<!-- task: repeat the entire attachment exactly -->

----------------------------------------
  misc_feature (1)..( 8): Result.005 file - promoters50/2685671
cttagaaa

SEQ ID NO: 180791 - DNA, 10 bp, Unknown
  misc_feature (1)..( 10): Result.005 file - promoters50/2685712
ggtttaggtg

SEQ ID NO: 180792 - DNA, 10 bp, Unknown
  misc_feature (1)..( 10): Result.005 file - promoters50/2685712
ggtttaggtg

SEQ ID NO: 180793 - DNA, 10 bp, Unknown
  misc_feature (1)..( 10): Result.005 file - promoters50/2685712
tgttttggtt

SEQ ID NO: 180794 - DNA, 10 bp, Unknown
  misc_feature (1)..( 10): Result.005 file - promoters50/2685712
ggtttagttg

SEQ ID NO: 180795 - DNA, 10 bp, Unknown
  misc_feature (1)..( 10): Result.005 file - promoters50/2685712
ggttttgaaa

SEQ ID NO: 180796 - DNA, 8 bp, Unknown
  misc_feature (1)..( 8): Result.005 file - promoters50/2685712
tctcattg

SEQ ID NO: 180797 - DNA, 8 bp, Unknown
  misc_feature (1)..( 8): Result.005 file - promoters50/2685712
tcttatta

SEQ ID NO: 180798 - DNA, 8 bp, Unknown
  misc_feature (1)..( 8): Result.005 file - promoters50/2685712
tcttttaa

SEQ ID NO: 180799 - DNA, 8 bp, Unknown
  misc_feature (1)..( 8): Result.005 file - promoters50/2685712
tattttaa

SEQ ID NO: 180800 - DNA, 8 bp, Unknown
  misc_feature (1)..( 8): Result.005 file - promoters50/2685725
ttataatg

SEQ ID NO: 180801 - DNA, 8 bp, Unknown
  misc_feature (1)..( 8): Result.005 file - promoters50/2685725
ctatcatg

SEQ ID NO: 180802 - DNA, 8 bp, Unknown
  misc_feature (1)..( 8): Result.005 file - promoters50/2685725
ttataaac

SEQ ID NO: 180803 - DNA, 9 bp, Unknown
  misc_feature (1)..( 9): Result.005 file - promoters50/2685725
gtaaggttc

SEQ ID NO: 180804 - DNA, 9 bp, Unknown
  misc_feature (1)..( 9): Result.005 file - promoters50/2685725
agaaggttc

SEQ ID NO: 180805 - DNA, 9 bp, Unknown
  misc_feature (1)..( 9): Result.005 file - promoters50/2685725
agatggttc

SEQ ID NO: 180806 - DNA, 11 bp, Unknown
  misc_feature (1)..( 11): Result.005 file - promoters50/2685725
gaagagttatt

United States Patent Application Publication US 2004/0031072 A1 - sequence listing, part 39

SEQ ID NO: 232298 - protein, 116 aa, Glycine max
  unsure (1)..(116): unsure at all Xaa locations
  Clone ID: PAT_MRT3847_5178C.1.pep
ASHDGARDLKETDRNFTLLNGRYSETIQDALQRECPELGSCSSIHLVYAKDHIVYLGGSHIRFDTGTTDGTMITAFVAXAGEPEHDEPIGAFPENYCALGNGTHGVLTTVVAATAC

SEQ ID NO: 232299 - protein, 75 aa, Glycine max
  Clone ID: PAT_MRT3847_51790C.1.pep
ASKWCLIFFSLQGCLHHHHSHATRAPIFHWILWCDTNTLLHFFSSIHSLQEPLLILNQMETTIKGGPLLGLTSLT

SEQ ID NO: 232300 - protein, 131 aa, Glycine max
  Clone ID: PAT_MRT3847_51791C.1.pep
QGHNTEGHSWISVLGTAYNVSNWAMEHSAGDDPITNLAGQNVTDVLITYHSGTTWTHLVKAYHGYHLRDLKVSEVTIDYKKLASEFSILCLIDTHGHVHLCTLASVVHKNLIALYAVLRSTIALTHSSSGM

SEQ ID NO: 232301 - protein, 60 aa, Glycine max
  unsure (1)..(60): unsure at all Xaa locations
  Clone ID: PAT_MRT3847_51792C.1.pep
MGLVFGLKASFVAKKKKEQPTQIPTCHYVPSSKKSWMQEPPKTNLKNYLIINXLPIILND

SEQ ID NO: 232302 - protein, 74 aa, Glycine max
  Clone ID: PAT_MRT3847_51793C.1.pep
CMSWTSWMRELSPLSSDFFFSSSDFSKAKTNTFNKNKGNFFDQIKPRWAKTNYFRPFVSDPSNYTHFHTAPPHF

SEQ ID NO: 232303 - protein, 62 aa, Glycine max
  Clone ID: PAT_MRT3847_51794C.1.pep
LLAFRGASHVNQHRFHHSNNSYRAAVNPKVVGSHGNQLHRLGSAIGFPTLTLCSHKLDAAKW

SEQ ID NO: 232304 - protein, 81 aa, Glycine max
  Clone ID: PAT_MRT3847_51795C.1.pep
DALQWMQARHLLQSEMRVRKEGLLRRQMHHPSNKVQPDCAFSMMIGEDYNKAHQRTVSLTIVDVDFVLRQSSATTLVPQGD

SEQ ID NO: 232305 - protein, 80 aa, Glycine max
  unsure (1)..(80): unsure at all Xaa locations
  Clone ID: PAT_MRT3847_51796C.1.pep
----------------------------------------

  misc_feature (1)..( 8): Result.005 file - promoters50/2685671
cttagaaa

SEQ ID NO: 180791 - DNA, 10 bp, Unknown
  misc_feature (1)..( 10): Result.005 file - promoters50/2685712
ggtttaggtg

SEQ ID NO: 180792 - DNA, 10 bp, Unknown
  misc_feature (1)..( 10): Result.005 file - promoters50/2685712
ggtttaggtg

SEQ ID NO: 180793 - DNA, 10 bp, Unknown
  misc_feature (1)..( 10): Result.005 file - promoters50/2685712
tgttttggtt

SEQ ID NO: 180794 - DNA, 10 bp, Unknown
  misc_feature (1)..( 10): Result.005 file - promoters50/2685712
ggtttagttg

SEQ ID NO: 180795 - DNA, 10 bp, Unknown
  misc_feature (1)..( 10): Result.005 file - promoters50/2685712
ggttttgaaa

SEQ ID NO: 180796 - DNA, 8 bp, Unknown
  misc_feature (1)..( 8): Result.005 file - promoters50/2685712
tctcattg

SEQ ID NO: 180797 - DNA, 8 bp, Unknown
  misc_feature (1)..( 8): Result.005 file - promoters50/2685712
tcttatta

SEQ ID NO: 180798 - DNA, 8 bp, Unknown
  misc_feature (1)..( 8): Result.005 file - promoters50/2685712
tcttttaa

SEQ ID NO: 180799 - DNA, 8 bp, Unknown
  misc_feature (1)..( 8): Result.005 file - promoters50/2685712
tattttaa

SEQ ID NO: 180800 - DNA, 8 bp, Unknown
  misc_feature (1)..( 8): Result.005 file - promoters50/2685725
ttataatg

SEQ ID NO: 180801 - DNA, 8 bp, Unknown
  misc_feature (1)..( 8): Result.005 file - promoters50/2685725
ctatcatg

SEQ ID NO: 180802 - DNA, 8 bp, Unknown
  misc_feature (1)..( 8): Result.005 file - promoters50/2685725
ttataaac

SEQ ID NO: 180803 - DNA, 9 bp, Unknown
  misc_feature (1)..( 9): Result.005 file - promoters50/2685725
gtaaggttc

SEQ ID NO: 180804 - DNA, 9 bp, Unknown
  misc_feature (1)..( 9): Result.005 file - promoters50/2685725
agaaggttc

SEQ ID NO: 180805 - DNA, 9 bp, Unknown
  misc_feature (1)..( 9): Result.005 file - promoters50/2685725
agatggttc

SEQ ID NO: 180806 - DNA, 11 bp, Unknown
  misc_feature (1)..( 11): Result.005 file - promoters50/2685725
gaagagttatt

United States Patent Application Publication US 2004/0031072 A1 - sequence listing, part 39

SEQ ID NO: 232298 - protein, 116 aa, Glycine max
  unsure (1)..(116): unsure at all Xaa locations
  Clone ID: PAT_MRT3847_5178C.1.pep
ASHDGARDLKETDRNFTLLNGRYSETIQDALQRECPELGSCSSIHLVYAKDHIVYLGGSHIRFDTGTTDGTMITAFVAXAGEPEHDEPIGAFPENYCALGNGTHGVLTTVVAATAC

SEQ ID NO: 232299 - protein, 75 aa, Glycine max
  Clone ID: PAT_MRT3847_51790C.1.pep
ASKWCLIFFSLQGCLHHHHSHATRAPIFHWILWCDTNTLLHFFSSIHSLQEPLLILNQMETTIKGGPLLGLTSLT

SEQ ID NO: 232300 - protein, 131 aa, Glycine max
  Clone ID: PAT_MRT3847_51791C.1.pep
QGHNTEGHSWISVLGTAYNVSNWAMEHSAGDDPITNLAGQNVTDVLITYHSGTTWTHLVKAYHGYHLRDLKVSEVTIDYKKLASEFSILCLIDTHGHVHLCTLASVVHKNLIALYAVLRSTIALTHSSSGM

SEQ ID NO: 232301 - protein, 60 aa, Glycine max
  unsure (1)..(60): unsure at all Xaa locations
  Clone ID: PAT_MRT3847_51792C.1.pep
MGLVFGLKASFVAKKKKEQPTQIPTCHYVPSSKKSWMQEPPKTNLKNYLIINXLPIILND

SEQ ID NO: 232302 - protein, 74 aa, Glycine max
  Clone ID: PAT_MRT3847_51793C.1.pep
CMSWTSWMRELSPLSSDFFFSSSDFSKAKTNTFNKNKGNFFDQIKPRWAKTNYFRPFVSDPSNYTHFHTAPPHF

SEQ ID NO: 232303 - protein, 62 aa, Glycine max
  Clone ID: PAT_MRT3847_51794C.1.pep
LLAFRGASHVNQHRFHHSNNSYRAAVNPKVVGSHGNQLHRLGSAIGFPTLTLCSHKLDAAKW

SEQ ID NO: 232304 - protein, 81 aa, Glycine max
  Clone ID: PAT_MRT3847_51795C.1.pep
DALQWMQARHLLQSEMRVRKEGLLRRQMHHPSNKVQPDCAFSMMIGEDYNKAHQRTVSLTIVDVDFVLRQSSATTLVPQGD

SEQ ID NO: 232305 - protein, 80 aa, Glycine max
  unsure (1)..(80): unsure at all Xaa locations
  Clone ID: PAT_MRT3847_51796C.1.pep